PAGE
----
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Chair Request: Final Comments Submissions to RD

From: Joseph M. Reagle Jr. <reagle@w3.org>
Date: Fri, 11 Jun 1999 12:21:31 -0400
Message-Id: <3.0.5.32.19990611122131.0094e120@localhost>
To: "IETF/W3C XML-DSig WG" <w3c-ietf-xmldsig@w3.org>
The deadline for the first round of Requirements submissions has closed. [1]
The second round will close on the 18th at which point I will prepare it for
publication as a W3C NOTE and ietf-draft. Feel free to send the list any
additions/oppositions to that which is present. [2]

[1] http://lists.w3.org/Archives/Public/w3c-ietf-xmldsig/1999AprJun/0004.html
[2] http://www.w3.org/Signature/Drafts/xml-dsig-requirements-990601.html

          
1. Introduction

   The XML 1.0 Recommendation [[33]XML] describes the syntax of a class
   of data objects called XML documents. The mission of this working
   group is to develop an XML compliant syntax used for representing
   signatures on Web resources and portions of protocol messages
   (anything referencable by a URI) and procedures for computing and
   verifying such signatures. Such signatures will be able to provide
   data integrity, authentication, and/or non-repudiatability
   
2. Design Principles and Scope

    1. The specification for XML-DSig shall describe how to digitally
       sign an XML document. [Charter]
    2. The meaning of the signature is very simple:  The XML signature
       syntax associates the cryptographic signature value with Web
       resources using XML markup. The meaning of the signature may be
       extensible by a set of semantics specified separately. [Charter]
    3. An XML-Signature can apply to parts of XML documents. [Charter]
       The solution shall enable authentication of part or totality of an
       XML document.   [Brown]
    4. More than one signature may exist over any resource. [Charter] The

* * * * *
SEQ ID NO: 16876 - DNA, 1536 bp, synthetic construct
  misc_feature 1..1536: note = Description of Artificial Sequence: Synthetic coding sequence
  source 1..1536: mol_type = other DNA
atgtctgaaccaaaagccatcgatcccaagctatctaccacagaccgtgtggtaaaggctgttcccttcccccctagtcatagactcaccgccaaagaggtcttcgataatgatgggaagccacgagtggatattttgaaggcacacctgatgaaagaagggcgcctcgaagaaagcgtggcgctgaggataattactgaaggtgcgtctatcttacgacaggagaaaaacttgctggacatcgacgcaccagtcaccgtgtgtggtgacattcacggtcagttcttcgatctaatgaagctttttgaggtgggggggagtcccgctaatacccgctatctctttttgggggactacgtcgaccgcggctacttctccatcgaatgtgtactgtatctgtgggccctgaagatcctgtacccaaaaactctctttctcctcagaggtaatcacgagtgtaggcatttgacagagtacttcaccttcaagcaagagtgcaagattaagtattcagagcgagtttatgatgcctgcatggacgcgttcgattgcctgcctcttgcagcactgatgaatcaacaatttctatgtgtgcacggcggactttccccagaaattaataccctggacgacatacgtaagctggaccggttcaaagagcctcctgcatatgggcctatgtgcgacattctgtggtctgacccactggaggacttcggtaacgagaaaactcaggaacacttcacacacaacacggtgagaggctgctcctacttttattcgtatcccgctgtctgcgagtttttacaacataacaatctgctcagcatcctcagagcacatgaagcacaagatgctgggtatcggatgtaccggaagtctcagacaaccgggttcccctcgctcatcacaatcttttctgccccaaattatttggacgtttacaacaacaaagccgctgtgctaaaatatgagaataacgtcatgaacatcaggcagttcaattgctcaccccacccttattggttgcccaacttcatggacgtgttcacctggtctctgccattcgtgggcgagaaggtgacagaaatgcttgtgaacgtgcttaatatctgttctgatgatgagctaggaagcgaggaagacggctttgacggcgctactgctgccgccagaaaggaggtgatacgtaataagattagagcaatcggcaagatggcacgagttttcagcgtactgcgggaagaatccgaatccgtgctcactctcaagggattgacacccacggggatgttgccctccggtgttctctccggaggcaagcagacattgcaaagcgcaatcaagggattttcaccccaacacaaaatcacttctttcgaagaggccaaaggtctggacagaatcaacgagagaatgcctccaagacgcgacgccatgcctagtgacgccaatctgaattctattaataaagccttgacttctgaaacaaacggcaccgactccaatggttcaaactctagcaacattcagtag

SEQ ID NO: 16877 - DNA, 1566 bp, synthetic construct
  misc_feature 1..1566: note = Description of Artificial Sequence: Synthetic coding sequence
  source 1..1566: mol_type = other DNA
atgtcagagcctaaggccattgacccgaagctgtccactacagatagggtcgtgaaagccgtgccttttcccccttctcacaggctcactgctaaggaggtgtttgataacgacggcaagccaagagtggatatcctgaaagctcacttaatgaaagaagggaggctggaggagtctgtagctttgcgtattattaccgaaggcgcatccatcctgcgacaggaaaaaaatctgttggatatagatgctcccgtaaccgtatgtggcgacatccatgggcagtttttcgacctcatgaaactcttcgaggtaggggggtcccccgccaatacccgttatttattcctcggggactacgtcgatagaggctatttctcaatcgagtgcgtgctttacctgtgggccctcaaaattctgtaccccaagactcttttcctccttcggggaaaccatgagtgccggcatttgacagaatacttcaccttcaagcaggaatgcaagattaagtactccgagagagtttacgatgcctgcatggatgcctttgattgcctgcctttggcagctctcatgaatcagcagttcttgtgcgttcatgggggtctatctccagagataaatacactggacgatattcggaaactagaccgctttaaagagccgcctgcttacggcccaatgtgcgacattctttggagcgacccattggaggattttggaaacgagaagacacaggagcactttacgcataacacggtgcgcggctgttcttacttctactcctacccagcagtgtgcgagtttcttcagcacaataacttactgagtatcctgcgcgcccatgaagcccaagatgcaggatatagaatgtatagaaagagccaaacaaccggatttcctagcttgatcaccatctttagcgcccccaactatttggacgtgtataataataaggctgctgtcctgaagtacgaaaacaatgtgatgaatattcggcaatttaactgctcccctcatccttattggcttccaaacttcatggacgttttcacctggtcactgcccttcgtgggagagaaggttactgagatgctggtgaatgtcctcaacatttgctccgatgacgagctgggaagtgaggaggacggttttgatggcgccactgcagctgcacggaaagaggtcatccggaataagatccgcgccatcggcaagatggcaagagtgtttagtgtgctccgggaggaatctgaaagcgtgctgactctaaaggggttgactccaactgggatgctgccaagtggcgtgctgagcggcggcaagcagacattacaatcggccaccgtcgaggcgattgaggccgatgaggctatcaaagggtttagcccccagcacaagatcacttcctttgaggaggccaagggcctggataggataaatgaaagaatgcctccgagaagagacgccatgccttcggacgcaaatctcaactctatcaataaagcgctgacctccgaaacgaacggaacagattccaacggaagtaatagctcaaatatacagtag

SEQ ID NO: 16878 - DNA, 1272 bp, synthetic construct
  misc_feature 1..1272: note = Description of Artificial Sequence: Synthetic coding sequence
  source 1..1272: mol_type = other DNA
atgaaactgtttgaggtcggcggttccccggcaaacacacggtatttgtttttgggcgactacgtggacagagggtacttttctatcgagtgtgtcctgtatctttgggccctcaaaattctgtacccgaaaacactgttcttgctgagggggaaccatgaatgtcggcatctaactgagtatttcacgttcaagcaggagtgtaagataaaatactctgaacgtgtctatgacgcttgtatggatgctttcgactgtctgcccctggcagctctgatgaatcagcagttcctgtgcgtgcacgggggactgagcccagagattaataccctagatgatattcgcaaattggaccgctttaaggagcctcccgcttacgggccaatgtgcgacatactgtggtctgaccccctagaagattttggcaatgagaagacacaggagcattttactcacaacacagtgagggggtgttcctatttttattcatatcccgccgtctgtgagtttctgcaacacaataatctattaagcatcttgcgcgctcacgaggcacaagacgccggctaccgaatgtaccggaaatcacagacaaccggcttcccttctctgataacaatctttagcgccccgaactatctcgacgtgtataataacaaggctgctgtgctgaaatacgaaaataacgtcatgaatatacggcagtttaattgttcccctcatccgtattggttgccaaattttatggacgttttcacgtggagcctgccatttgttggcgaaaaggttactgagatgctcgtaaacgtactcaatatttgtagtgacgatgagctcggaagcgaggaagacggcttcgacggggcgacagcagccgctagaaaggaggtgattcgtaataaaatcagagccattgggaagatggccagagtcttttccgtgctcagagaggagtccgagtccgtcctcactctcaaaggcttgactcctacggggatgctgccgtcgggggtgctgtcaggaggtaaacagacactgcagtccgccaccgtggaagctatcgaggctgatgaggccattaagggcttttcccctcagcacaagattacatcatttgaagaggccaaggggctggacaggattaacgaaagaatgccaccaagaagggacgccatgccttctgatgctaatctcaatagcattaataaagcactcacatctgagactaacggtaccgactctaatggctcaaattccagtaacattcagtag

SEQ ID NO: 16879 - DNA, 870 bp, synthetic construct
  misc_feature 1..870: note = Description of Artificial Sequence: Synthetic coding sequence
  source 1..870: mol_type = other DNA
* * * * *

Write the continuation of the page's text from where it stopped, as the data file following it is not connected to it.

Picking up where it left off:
solution shall provide for extended signature functionality such
       as co-signature, endorsement, plurality of recipients, etc.
       [Brown]
    5. The specification will not specify methods of serialization or
       canonicalization. XML content is normalized by specifying and
       appropriate content C14N algorithm [[34]DOMHASH, [35]C14N];
       applications are expected to normalize application specific
       semantics prior to handing data to a XML-DSig application.
       [Charter]
       
3. Requirements

Signature Data Model and Syntax

    1. XML-Signature will use the RDF data model [RDF] but need not use
       the RDF serialization syntax. [Charter]
    2. XML-Signature referants are URIs.  [Reagle]
    3. Whenever possible, any resource or algorithm identifier is a URI.
       [Reagle]
    4. The solution shall enable authentication of internal and external
       resources by use of the Manifest. [Brown]
       
Format

    1. An XML-Signature is XML. [Charter]
    2. The solution shall provide a mechanism that eases the production
       of composite documents that consist of the combination by addition
       or deletion of authenticated blocks of information, while
       preserving verifiability of the origin and authenticity of these
       blocks of information. [Brown]
       
Cryptography

    1. The solution shall provide indifferently for digital signature and
       message authentication codes, considering symmetric and asymmetric
       authentication schemes as well as dynamic negotiation of keying
       material. [Brown]
       
Processing

    1. In the event of redundant attributes within the XML Signature
       syntax and relevant cryptographic blobs, XML Signature
       applications prefer the XML Signature semantics. [Reagle]
       
   
   
   
   
_________________________________________________________
Joseph Reagle Jr.   
Policy Analyst      mailto:reagle@w3.org
XML-DSig Co-Chair   http://w3.org/People/Reagle/
Received on Friday, 11 June 1999 12:21:30 GMT

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